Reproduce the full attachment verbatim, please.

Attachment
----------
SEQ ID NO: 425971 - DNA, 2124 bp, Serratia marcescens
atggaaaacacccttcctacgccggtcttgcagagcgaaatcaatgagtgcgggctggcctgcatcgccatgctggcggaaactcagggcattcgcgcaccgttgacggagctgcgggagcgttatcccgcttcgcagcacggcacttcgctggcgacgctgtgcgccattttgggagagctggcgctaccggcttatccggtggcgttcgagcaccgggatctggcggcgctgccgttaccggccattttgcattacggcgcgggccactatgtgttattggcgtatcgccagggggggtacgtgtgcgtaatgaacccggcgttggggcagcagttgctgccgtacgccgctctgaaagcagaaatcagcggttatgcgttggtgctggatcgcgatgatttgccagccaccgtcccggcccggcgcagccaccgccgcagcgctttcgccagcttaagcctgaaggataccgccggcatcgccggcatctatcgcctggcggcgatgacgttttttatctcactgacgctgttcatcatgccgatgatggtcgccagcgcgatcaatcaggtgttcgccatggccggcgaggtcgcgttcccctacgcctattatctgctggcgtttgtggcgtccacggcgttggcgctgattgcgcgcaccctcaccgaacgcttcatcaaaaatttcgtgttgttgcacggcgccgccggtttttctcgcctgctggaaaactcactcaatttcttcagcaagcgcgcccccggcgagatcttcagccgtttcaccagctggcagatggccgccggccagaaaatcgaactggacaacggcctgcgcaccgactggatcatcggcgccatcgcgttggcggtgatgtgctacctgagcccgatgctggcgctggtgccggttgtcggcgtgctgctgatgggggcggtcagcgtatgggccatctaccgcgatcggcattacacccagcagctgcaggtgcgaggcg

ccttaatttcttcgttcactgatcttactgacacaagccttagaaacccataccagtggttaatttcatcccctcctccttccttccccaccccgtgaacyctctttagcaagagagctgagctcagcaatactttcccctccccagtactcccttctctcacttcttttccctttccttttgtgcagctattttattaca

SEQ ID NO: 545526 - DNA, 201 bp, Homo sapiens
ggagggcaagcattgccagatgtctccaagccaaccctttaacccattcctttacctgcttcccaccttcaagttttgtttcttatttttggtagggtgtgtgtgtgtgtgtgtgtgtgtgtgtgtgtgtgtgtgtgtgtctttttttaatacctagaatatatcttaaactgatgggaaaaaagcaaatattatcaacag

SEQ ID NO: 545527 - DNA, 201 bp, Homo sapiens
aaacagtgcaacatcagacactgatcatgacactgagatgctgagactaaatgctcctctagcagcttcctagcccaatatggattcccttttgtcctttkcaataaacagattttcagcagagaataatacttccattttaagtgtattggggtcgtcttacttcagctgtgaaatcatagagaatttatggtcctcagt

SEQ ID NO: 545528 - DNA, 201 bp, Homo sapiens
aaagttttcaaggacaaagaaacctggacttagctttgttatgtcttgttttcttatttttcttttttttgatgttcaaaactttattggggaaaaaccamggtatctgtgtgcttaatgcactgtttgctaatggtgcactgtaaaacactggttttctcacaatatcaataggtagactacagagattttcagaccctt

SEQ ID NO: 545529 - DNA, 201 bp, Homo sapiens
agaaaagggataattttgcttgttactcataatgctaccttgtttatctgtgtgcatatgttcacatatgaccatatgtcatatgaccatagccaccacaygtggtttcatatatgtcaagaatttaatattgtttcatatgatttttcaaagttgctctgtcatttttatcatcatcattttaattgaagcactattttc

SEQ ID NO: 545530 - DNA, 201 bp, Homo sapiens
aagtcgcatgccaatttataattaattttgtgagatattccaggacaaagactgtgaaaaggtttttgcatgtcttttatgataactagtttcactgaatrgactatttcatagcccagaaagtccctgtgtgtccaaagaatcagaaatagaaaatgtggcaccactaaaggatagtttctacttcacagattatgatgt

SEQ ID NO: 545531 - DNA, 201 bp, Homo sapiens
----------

SEQ ID NO: 425971 - DNA, 2124 bp, Serratia marcescens
atggaaaacacccttcctacgccggtcttgcagagcgaaatcaatgagtgcgggctggcctgcatcgccatgctggcggaaactcagggcattcgcgcaccgttgacggagctgcgggagcgttatcccgcttcgcagcacggcacttcgctggcgacgctgtgcgccattttgggagagctggcgctaccggcttatccggtggcgttcgagcaccgggatctggcggcgctgccgttaccggccattttgcattacggcgcgggccactatgtgttattggcgtatcgccagggggggtacgtgtgcgtaatgaacccggcgttggggcagcagttgctgccgtacgccgctctgaaagcagaaatcagcggttatgcgttggtgctggatcgcgatgatttgccagccaccgtcccggcccggcgcagccaccgccgcagcgctttcgccagcttaagcctgaaggataccgccggcatcgccggcatctatcgcctggcggcgatgacgttttttatctcactgacgctgttcatcatgccgatgatggtcgccagcgcgatcaatcaggtgttcgccatggccggcgaggtcgcgttcccctacgcctattatctgctggcgtttgtggcgtccacggcgttggcgctgattgcgcgcaccctcaccgaacgcttcatcaaaaatttcgtgttgttgcacggcgccgccggtttttctcgcctgctggaaaactcactcaatttcttcagcaagcgcgcccccggcgagatcttcagccgtttcaccagctggcagatggccgccggccagaaaatcgaactggacaacggcctgcgcaccgactggatcatcggcgccatcgcgttggcggtgatgtgctacctgagcccgatgctggcgctggtgccggttgtcggcgtgctgctgatgggggcggtcagcgtatgggccatctaccgcgatcggcattacacccagcagctgcaggtgcgaggcg

ccttaatttcttcgttcactgatcttactgacacaagccttagaaacccataccagtggttaatttcatcccctcctccttccttccccaccccgtgaacyctctttagcaagagagctgagctcagcaatactttcccctccccagtactcccttctctcacttcttttccctttccttttgtgcagctattttattaca

SEQ ID NO: 545526 - DNA, 201 bp, Homo sapiens
ggagggcaagcattgccagatgtctccaagccaaccctttaacccattcctttacctgcttcccaccttcaagttttgtttcttatttttggtagggtgtgtgtgtgtgtgtgtgtgtgtgtgtgtgtgtgtgtgtgtgtctttttttaatacctagaatatatcttaaactgatgggaaaaaagcaaatattatcaacag

SEQ ID NO: 545527 - DNA, 201 bp, Homo sapiens
aaacagtgcaacatcagacactgatcatgacactgagatgctgagactaaatgctcctctagcagcttcctagcccaatatggattcccttttgtcctttkcaataaacagattttcagcagagaataatacttccattttaagtgtattggggtcgtcttacttcagctgtgaaatcatagagaatttatggtcctcagt

SEQ ID NO: 545528 - DNA, 201 bp, Homo sapiens
aaagttttcaaggacaaagaaacctggacttagctttgttatgtcttgttttcttatttttcttttttttgatgttcaaaactttattggggaaaaaccamggtatctgtgtgcttaatgcactgtttgctaatggtgcactgtaaaacactggttttctcacaatatcaataggtagactacagagattttcagaccctt

SEQ ID NO: 545529 - DNA, 201 bp, Homo sapiens
agaaaagggataattttgcttgttactcataatgctaccttgtttatctgtgtgcatatgttcacatatgaccatatgtcatatgaccatagccaccacaygtggtttcatatatgtcaagaatttaatattgtttcatatgatttttcaaagttgctctgtcatttttatcatcatcattttaattgaagcactattttc

SEQ ID NO: 545530 - DNA, 201 bp, Homo sapiens
aagtcgcatgccaatttataattaattttgtgagatattccaggacaaagactgtgaaaaggtttttgcatgtcttttatgataactagtttcactgaatrgactatttcatagcccagaaagtccctgtgtgtccaaagaatcagaaatagaaaatgtggcaccactaaaggatagtttctacttcacagattatgatgt

SEQ ID NO: 545531 - DNA, 201 bp, Homo sapiens